Wednesday, April 16, 2014
By JULIET EILPERIN The Washington Post
(Continued from page 1)
Bob Ackley, left, a gas leakage specialist, and Robert Jackson, a professor of environmental sciences at Duke University, prowl streets for gas leaks In Washington, D.C.
Washington Post/Jahi Chikwendiu
Bob Ackley, a gas leakage specialist, uses a combustible gas indicator to test the outpouring of methane gas from a manhole in the affluent Spring Valley neighborhood of Washington, D.C.
Washington Post/Jahi Chikwendiu
Their findings have major safety and environmental implications. Gas leaks contribute to smog and can lead to explosions and fires, including the one that leveled a Kansas City, Mo., restaurant Feb. 19, or the 2010 San Bruno, Calif., pipeline explosion that killed more than half a dozen people.
And leaking gas can also weaken and kill trees in urban areas by replacing oxygen in their roots and drying them out; Ackley has helped organize a lawsuit by five communities surrounding Boston against the region's gas company, National Grid, and he is consulting with Montgomery County, Md., residents concerned about tree deaths there.
National Grid spokesman David Graves said that while his company has addressed individual tree deaths, "There is no evidence to support the claim that underground gas leaks cause widespread damage in vegetation."
While aging infrastructure contributes to leaks, so does the fact that utilities in Boston and the District can pass on the full cost of unaccounted losses -- whether through leaks or theft -- to customers. In the District, this charge makes up 3 percent of Washington Gas customers' monthly costs; in Boston it represents 1 percent of residents' monthly bill, the companies say.
Phillips said gas exploration wouldn't have to expand so rapidly if we didn't waste our current supply: "Our pipeline infrastructure is leaking out resources."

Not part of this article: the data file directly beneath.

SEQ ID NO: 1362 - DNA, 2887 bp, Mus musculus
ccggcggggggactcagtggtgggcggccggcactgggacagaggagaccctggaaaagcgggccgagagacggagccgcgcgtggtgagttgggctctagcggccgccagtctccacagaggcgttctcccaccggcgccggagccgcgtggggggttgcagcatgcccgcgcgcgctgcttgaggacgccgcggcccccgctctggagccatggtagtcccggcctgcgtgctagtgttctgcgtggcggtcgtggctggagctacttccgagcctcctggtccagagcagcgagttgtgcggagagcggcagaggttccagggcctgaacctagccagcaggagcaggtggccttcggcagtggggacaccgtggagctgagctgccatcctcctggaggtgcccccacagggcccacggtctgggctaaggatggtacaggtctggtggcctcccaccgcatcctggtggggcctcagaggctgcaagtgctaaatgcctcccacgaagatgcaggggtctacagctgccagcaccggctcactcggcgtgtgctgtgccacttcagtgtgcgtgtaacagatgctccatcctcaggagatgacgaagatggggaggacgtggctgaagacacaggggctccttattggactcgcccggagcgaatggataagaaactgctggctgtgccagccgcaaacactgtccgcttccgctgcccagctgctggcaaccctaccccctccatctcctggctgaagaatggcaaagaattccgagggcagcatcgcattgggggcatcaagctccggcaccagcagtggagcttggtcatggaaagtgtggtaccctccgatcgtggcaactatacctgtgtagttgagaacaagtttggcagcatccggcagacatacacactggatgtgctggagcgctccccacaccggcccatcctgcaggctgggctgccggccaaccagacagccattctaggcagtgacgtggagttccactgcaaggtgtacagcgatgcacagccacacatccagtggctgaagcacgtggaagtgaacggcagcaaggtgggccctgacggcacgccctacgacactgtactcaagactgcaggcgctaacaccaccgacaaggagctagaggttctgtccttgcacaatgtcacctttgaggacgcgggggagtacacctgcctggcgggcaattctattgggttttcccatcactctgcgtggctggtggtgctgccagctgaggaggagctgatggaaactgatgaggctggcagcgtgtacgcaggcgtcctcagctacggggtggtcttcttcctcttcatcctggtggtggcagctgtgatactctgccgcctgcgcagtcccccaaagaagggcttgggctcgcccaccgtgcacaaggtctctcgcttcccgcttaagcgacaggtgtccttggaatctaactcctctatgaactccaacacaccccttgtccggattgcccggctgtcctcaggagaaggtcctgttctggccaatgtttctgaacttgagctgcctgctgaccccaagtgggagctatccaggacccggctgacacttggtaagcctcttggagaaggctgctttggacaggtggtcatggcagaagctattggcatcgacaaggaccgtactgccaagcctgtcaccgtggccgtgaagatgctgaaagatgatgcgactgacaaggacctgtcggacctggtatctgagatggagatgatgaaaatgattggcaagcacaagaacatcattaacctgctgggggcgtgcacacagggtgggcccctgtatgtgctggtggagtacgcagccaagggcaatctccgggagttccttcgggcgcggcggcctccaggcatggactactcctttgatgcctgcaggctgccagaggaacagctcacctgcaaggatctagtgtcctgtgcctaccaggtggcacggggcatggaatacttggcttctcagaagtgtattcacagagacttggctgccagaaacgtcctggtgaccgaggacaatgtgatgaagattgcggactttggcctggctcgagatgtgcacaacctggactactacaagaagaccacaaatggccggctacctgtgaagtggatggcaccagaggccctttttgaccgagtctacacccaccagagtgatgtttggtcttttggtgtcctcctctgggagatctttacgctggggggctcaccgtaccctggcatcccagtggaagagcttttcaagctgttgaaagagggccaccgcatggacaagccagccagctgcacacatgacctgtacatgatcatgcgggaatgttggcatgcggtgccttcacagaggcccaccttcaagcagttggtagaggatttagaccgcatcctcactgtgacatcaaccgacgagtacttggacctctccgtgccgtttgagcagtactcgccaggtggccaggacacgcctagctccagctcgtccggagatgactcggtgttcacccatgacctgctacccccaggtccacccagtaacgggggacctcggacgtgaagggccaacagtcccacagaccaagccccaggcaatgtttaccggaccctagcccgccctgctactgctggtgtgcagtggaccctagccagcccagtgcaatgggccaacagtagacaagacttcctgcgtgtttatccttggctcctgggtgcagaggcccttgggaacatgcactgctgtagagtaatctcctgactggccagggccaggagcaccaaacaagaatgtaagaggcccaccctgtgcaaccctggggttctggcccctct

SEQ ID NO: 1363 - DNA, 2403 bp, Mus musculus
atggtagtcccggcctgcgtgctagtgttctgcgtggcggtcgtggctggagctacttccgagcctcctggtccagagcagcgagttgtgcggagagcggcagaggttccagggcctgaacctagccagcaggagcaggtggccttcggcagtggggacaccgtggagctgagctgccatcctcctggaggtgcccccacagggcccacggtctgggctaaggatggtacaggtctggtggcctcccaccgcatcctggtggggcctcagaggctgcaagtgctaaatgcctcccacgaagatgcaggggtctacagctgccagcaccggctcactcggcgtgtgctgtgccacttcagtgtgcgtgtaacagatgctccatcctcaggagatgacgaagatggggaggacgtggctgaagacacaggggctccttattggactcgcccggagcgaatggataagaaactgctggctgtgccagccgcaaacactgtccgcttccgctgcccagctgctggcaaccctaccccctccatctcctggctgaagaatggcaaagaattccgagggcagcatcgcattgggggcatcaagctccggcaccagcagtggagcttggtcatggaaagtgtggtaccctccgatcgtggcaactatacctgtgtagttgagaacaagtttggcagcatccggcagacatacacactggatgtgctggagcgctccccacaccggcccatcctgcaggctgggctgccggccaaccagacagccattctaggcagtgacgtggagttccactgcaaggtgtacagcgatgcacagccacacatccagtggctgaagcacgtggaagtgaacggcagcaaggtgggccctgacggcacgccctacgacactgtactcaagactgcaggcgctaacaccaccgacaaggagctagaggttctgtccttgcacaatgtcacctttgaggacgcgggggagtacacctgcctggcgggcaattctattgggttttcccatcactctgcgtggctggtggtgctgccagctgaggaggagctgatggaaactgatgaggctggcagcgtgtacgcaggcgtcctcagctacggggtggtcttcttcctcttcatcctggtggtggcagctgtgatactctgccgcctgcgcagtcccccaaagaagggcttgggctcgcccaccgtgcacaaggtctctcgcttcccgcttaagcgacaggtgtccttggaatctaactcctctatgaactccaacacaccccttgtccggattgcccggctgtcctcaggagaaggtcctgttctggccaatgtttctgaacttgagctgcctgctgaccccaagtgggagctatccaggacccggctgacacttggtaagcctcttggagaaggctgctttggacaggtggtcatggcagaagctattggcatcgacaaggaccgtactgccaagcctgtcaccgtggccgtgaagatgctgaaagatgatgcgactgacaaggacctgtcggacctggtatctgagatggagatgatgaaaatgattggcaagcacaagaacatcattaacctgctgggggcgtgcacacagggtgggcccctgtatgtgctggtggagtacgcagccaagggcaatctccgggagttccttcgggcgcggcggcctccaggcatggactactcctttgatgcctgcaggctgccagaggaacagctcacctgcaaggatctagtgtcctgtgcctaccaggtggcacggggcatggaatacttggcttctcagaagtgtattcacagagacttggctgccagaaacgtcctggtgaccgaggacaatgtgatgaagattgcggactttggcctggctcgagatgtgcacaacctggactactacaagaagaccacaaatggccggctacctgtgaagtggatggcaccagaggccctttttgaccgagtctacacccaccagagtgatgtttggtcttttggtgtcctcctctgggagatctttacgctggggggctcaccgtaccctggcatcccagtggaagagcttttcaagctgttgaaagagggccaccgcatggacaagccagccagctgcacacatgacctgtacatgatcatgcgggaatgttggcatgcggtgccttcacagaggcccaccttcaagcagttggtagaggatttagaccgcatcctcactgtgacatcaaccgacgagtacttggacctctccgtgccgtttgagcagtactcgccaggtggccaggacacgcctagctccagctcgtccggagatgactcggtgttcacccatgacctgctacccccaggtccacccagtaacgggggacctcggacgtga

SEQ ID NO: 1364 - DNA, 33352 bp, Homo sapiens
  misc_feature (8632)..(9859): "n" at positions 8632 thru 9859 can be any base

RESPONDING TO REPORTS
Company representatives in both cities said they respond immediately to any leak reported by the public. Companies include chemical additives to give the odorless gas a distinctive scent.
"We respond to and repair leaks 7 days a week, 24 hours a day, 365 days a year," Eric Grant, Washington Gas vice president for corporate relations, said in a statement. "With over 12,800 miles of distribution mains in our system it is not realistic to ever state that there are no leaks in our gas pipe system."
Betty Ann Kane, who chairs the D.C. Public Service Commission, said the commission is considering a rate increase that would include a major pipe replacement initiative. "We recognize it's an old system, and the replacement of old cast iron pipes is an issue in the rate case before us," she said.
States such as Massachusetts have a mix of cast iron, unprotected steel and plastic pipe: Graves said over the past two years his company has replaced 300 miles of leak-prone pipe throughout the state.
Doug Hock, a spokesman for Encana Oil & Gas USA, said his company and others have made major strides in cutting leaks. In 2010, Encana put an inspection and maintenance program with infrared cameras in Wyoming's Jonah Field, Hock said, reducing methane emissions by more than 80 percent.